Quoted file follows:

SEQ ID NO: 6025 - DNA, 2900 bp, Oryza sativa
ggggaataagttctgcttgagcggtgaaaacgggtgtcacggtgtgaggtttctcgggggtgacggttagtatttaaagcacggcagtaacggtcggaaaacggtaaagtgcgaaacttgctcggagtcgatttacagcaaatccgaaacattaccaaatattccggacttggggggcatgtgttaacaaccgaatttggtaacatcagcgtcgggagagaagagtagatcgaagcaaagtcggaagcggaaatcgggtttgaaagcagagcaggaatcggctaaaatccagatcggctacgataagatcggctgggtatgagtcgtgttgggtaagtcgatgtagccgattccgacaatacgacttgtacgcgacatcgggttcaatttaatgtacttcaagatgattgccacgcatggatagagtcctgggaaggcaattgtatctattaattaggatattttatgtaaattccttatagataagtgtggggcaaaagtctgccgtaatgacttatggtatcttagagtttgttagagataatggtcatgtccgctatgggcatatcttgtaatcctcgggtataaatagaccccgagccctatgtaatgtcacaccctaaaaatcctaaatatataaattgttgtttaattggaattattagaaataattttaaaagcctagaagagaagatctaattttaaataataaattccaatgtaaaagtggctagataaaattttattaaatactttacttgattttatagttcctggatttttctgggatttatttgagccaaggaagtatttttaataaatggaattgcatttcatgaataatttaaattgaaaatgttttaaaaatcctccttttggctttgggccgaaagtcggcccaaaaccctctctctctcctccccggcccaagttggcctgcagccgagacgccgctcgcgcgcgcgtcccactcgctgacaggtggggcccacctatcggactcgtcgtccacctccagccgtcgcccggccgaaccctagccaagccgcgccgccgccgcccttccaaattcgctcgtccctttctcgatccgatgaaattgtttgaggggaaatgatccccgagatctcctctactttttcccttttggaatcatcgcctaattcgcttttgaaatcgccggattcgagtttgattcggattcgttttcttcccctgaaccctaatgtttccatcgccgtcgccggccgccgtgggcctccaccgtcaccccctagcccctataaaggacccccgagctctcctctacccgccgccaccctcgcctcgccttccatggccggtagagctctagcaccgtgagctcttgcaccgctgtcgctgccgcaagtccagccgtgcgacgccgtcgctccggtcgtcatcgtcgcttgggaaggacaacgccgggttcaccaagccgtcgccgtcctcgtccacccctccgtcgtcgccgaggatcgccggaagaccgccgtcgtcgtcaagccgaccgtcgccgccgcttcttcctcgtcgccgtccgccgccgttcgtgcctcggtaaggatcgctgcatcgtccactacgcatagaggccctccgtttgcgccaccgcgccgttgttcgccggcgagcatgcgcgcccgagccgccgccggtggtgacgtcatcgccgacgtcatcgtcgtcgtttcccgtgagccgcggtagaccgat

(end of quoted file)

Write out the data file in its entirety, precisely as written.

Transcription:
SEQ ID NO: 6025 - DNA, 2900 bp, Oryza sativa
ggggaataagttctgcttgagcggtgaaaacgggtgtcacggtgtgaggtttctcgggggtgacggttagtatttaaagcacggcagtaacggtcggaaaacggtaaagtgcgaaacttgctcggagtcgatttacagcaaatccgaaacattaccaaatattccggacttggggggcatgtgttaacaaccgaatttggtaacatcagcgtcgggagagaagagtagatcgaagcaaagtcggaagcggaaatcgggtttgaaagcagagcaggaatcggctaaaatccagatcggctacgataagatcggctgggtatgagtcgtgttgggtaagtcgatgtagccgattccgacaatacgacttgtacgcgacatcgggttcaatttaatgtacttcaagatgattgccacgcatggatagagtcctgggaaggcaattgtatctattaattaggatattttatgtaaattccttatagataagtgtggggcaaaagtctgccgtaatgacttatggtatcttagagtttgttagagataatggtcatgtccgctatgggcatatcttgtaatcctcgggtataaatagaccccgagccctatgtaatgtcacaccctaaaaatcctaaatatataaattgttgtttaattggaattattagaaataattttaaaagcctagaagagaagatctaattttaaataataaattccaatgtaaaagtggctagataaaattttattaaatactttacttgattttatagttcctggatttttctgggatttatttgagccaaggaagtatttttaataaatggaattgcatttcatgaataatttaaattgaaaatgttttaaaaatcctccttttggctttgggccgaaagtcggcccaaaaccctctctctctcctccccggcccaagttggcctgcagccgagacgccgctcgcgcgcgcgtcccactcgctgacaggtggggcccacctatcggactcgtcgtccacctccagccgtcgcccggccgaaccctagccaagccgcgccgccgccgcccttccaaattcgctcgtccctttctcgatccgatgaaattgtttgaggggaaatgatccccgagatctcctctactttttcccttttggaatcatcgcctaattcgcttttgaaatcgccggattcgagtttgattcggattcgttttcttcccctgaaccctaatgtttccatcgccgtcgccggccgccgtgggcctccaccgtcaccccctagcccctataaaggacccccgagctctcctctacccgccgccaccctcgcctcgccttccatggccggtagagctctagcaccgtgagctcttgcaccgctgtcgctgccgcaagtccagccgtgcgacgccgtcgctccggtcgtcatcgtcgcttgggaaggacaacgccgggttcaccaagccgtcgccgtcctcgtccacccctccgtcgtcgccgaggatcgccggaagaccgccgtcgtcgtcaagccgaccgtcgccgccgcttcttcctcgtcgccgtccgccgccgttcgtgcctcggtaaggatcgctgcatcgtccactacgcatagaggccctccgtttgcgccaccgcgccgttgttcgccggcgagcatgcgcgcccgagccgccgccggtggtgacgtcatcgccgacgtcatcgtcgtcgtttcccgtgagccgcggtagaccgat